If your client has been at the receiving end of someone’s foolish behavior on the road, you have every right to ask for compensation to cover the losses. A car accident is one of those cases of personal injury when a lawyer is within his rights to ask for a high settlement especially if the accident has left his client with severe injuries that will require a lot of care. But if the case is not handled properly, your client can receive way less in settlement than you actually deserve. So what can you as a lawyer do to make sure this is not the case? Read more to find out!
The Right Strategy in a Car Accident Trial
When you are asking for a settlement on behalf of your client, there are many things you can do to make your case stronger. A clean presentation is always key to ensure a sweeping win. There are many ‘best practices’ that lawyers can follow like asking their client to go to an ER and have a proper checkup, not allowing your client to give any recorded statements that can be taken out of context and used as ammo for a cross examination, and making sure that you client can appropriately articulate his injuries. But the top priority on the list should be to first, before anything else, visit the scene of the crime in person.
Visiting the Scene of the Crime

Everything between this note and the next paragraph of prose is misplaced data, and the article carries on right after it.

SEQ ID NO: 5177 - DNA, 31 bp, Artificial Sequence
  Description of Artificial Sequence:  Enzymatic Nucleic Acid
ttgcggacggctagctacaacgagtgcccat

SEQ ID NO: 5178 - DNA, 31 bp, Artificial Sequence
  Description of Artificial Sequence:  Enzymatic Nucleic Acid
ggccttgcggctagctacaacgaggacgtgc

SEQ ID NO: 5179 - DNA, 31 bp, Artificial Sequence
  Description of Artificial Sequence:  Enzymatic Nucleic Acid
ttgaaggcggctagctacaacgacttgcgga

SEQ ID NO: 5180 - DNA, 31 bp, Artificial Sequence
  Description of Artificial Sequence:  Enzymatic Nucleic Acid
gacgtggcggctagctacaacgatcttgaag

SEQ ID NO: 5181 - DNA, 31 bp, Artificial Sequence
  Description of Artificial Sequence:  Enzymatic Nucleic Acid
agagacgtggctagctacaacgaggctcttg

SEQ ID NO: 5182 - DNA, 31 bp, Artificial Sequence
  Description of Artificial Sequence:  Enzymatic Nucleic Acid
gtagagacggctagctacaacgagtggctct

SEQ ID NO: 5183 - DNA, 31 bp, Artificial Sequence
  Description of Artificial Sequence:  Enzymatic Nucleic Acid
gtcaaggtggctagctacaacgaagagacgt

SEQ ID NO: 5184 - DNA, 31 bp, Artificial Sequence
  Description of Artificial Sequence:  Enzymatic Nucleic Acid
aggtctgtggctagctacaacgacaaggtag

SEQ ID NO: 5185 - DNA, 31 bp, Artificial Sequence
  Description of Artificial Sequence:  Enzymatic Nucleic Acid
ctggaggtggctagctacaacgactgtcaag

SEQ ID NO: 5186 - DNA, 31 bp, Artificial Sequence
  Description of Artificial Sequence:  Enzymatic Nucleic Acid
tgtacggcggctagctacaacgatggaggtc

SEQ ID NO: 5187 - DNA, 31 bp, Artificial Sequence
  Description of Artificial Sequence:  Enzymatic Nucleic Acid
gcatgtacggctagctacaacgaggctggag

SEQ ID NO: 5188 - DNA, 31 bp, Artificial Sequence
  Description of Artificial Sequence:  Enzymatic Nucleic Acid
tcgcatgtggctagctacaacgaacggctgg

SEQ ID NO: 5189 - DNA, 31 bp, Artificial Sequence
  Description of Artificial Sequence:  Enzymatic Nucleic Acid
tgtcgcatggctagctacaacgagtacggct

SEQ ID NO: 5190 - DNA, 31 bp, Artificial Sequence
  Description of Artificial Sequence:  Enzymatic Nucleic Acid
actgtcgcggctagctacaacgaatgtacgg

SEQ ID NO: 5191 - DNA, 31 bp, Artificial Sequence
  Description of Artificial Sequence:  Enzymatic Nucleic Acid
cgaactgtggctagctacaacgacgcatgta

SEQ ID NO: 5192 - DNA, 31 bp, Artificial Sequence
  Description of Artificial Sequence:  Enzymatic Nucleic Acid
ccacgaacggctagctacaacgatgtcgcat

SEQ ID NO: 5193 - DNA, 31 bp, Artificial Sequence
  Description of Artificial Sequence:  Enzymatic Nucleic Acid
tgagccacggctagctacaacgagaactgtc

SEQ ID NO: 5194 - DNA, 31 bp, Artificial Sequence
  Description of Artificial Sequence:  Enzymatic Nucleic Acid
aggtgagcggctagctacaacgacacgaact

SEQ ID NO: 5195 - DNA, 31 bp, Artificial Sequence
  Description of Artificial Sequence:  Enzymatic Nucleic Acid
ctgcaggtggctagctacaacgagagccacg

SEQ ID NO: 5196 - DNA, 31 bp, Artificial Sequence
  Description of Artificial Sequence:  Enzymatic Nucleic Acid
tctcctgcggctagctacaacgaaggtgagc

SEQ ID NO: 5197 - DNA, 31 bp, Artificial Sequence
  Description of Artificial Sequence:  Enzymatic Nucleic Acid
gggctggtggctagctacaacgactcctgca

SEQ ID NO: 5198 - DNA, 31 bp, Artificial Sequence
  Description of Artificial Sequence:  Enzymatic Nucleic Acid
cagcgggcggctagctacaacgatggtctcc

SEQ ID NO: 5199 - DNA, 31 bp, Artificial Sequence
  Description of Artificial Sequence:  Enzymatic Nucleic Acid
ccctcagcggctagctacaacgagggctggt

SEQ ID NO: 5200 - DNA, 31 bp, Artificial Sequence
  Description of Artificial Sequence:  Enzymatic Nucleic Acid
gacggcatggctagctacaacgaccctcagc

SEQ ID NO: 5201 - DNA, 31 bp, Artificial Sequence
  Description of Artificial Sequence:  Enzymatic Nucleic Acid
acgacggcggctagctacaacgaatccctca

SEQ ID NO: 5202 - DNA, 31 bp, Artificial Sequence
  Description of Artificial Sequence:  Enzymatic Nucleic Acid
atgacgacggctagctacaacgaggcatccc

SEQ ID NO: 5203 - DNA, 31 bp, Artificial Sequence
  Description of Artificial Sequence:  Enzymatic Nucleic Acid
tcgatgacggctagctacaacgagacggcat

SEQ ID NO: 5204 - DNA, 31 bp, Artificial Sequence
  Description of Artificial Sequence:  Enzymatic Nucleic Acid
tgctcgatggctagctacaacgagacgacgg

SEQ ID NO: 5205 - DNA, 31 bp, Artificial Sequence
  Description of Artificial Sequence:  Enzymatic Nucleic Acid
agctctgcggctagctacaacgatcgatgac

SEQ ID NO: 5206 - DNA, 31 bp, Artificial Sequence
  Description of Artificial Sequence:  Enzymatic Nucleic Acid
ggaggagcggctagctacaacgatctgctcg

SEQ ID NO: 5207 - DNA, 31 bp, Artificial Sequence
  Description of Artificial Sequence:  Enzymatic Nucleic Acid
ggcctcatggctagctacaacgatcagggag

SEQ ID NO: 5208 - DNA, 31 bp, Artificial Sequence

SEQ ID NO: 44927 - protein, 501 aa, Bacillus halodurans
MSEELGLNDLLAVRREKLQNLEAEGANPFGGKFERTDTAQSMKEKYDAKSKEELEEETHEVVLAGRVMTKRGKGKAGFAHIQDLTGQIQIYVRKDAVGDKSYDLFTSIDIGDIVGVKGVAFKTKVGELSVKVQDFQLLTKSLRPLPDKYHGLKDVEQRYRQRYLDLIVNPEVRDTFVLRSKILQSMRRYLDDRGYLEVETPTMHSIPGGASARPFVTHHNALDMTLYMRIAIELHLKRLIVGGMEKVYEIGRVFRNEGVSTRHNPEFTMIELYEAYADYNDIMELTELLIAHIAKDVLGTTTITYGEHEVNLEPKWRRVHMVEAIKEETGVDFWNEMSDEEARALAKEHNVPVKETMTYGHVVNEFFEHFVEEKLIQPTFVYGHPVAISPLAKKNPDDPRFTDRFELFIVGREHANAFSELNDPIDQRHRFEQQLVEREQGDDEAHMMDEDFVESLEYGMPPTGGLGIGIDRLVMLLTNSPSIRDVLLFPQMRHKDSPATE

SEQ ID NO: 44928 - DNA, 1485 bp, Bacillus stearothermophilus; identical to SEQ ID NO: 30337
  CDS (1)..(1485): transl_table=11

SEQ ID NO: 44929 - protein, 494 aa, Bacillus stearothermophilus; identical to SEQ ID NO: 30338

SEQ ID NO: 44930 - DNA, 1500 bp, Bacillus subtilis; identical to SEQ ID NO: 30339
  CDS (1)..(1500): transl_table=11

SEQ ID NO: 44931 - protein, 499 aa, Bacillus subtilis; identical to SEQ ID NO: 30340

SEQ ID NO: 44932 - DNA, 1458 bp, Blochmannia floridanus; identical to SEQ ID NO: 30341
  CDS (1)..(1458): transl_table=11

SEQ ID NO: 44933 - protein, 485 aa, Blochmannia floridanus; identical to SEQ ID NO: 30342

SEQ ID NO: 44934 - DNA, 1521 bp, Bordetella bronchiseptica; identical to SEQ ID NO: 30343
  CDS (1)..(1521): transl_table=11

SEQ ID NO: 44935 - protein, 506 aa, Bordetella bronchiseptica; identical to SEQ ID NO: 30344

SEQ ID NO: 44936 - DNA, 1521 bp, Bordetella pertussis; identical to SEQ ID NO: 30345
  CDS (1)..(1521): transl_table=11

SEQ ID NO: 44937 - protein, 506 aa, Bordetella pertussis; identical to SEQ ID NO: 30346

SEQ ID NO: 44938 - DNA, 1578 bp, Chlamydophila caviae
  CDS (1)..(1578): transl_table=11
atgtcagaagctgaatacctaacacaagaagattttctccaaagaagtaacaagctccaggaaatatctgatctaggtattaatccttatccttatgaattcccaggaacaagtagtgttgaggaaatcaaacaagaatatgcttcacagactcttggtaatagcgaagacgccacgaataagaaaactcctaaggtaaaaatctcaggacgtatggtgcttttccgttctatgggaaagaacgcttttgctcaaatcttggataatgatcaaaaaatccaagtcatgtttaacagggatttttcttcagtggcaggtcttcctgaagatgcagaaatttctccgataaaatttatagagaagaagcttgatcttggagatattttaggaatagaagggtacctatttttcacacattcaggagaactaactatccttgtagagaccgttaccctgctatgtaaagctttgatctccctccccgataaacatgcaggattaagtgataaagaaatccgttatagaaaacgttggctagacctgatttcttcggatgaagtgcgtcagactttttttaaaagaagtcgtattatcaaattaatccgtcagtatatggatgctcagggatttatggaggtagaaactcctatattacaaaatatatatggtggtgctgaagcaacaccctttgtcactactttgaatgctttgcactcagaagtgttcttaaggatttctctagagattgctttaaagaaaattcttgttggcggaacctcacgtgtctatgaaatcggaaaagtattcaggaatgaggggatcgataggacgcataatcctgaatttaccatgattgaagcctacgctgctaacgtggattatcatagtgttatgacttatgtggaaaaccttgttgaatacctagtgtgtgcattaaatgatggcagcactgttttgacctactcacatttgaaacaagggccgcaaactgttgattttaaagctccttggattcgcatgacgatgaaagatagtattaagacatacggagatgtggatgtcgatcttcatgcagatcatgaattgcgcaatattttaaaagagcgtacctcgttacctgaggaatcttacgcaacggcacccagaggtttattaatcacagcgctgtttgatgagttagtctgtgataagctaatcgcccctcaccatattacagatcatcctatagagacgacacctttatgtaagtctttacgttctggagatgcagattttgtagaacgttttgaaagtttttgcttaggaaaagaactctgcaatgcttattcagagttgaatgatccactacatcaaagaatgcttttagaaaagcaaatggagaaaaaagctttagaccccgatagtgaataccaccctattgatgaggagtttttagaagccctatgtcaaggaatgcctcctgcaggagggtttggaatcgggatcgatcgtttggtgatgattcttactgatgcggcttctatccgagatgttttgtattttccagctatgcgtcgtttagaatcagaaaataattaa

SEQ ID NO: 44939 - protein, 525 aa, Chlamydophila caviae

Now, many may ask why this is necessary. Police officials present at an accident site always take pictures and so do the insurance companies. Your client could have taken his own pictures as well when he comes into your office to enlist your help for the trial. But there is no substitute for an actual viewing of the accident site. Of course you can ask questions like whether it was a commercial area or residential neighborhood, what was the speed limit in the neighborhood, or whether the intersection where the accident happened was a busy one, but only when you see for yourself will you understand truly the dynamics of how the accident occurred. The thing to remember is that to be able to prove your client’s case in court, you not only have to defend your client of any wrongdoing, but you also have to prove that the accident was the fault of the other driver and not your man. For this, you have to understand how the scene played out from the point of view of your client, as well as from the point of view of the other driver. And this knowledge can only be gained by visiting the scene of crime, preferably with a high resolution digital camera in hand, and visualizing the accident as it might have happened. Only then will you be able to pick up on nuances that might prove to be the key to winning the case, and a high settlement offer―for your client.